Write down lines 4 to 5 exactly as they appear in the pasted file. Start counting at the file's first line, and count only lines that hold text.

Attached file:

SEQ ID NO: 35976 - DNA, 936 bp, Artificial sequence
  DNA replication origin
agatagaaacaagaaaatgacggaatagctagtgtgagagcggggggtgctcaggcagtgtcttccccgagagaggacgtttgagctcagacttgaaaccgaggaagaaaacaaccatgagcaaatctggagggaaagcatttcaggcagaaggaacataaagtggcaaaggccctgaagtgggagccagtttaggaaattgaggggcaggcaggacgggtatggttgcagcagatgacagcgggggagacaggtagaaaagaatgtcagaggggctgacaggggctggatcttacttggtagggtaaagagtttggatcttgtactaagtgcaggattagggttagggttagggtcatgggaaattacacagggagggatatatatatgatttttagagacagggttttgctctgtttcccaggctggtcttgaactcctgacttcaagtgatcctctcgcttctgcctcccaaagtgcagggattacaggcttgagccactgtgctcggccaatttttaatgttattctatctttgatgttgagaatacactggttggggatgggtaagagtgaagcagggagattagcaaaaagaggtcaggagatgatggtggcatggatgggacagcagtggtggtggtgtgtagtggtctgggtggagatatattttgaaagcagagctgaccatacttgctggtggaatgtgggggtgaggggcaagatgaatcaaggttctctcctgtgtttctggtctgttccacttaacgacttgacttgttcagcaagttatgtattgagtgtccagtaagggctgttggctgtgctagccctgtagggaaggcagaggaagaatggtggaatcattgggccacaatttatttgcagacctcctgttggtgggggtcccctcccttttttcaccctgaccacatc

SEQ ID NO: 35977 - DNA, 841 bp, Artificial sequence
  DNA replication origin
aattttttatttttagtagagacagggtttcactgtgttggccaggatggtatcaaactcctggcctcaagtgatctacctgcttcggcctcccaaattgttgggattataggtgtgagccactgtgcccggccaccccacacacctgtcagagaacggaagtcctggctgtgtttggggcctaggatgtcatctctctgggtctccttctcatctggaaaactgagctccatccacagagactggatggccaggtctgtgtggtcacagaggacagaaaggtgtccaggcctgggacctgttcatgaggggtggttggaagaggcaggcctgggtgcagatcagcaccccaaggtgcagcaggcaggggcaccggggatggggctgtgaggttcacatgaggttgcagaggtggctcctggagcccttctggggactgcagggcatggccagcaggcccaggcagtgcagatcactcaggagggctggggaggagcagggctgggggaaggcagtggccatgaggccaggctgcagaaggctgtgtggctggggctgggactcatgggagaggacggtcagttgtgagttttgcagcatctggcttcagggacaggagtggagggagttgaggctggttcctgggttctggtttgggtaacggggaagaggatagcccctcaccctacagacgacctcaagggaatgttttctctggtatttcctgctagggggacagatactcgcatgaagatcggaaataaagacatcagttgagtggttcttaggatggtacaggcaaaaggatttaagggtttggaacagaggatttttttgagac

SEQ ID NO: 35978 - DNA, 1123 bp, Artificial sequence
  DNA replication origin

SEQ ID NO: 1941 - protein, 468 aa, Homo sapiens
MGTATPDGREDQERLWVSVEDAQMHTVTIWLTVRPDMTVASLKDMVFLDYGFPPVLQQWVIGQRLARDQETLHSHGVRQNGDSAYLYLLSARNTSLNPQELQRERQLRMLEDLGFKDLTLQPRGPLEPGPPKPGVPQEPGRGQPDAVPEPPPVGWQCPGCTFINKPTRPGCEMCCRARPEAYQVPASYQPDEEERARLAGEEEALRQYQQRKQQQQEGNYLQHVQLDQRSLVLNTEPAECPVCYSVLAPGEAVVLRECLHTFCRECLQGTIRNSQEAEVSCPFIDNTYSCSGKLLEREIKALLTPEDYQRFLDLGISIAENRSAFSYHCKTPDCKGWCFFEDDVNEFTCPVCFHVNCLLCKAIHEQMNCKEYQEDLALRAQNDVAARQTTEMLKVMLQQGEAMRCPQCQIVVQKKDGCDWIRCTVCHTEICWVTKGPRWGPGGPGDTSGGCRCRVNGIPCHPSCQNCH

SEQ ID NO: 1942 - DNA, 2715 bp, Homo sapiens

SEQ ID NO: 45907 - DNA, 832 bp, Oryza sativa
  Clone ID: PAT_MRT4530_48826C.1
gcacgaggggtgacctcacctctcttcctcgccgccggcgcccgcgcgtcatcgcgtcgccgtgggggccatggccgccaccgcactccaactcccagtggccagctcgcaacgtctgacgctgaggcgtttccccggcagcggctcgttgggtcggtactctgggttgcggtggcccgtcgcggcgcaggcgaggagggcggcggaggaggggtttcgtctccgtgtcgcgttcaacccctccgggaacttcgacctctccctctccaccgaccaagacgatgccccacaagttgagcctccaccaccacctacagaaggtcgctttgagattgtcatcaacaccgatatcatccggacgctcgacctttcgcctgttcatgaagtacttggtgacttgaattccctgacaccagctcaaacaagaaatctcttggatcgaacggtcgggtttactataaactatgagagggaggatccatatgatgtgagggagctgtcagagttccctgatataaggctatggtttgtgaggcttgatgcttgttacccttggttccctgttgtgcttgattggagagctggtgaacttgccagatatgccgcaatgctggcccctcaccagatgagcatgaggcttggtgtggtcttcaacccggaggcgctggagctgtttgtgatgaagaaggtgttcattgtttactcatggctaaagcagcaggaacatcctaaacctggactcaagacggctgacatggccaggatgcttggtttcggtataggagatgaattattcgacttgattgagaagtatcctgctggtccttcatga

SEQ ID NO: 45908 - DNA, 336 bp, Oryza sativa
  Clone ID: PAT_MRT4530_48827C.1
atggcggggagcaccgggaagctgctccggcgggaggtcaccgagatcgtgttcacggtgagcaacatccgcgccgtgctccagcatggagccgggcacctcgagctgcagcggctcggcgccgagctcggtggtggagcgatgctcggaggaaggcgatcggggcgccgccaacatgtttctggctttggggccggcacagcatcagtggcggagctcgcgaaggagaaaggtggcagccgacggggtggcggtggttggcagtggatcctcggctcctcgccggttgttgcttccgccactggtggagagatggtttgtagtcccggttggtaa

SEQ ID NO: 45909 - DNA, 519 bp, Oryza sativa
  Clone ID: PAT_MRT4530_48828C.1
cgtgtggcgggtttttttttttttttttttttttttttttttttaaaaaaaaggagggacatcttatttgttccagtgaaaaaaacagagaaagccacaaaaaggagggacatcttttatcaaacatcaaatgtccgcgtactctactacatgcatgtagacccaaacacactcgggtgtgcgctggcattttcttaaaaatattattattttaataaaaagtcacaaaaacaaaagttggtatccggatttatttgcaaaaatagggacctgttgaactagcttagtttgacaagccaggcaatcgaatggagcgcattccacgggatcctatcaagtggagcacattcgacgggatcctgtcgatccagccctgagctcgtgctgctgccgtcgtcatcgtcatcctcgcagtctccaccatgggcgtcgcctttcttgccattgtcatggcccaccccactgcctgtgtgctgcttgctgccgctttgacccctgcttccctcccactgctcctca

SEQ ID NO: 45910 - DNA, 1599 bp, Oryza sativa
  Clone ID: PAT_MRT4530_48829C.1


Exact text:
SEQ ID NO: 35977 - DNA, 841 bp, Artificial sequence
  DNA replication origin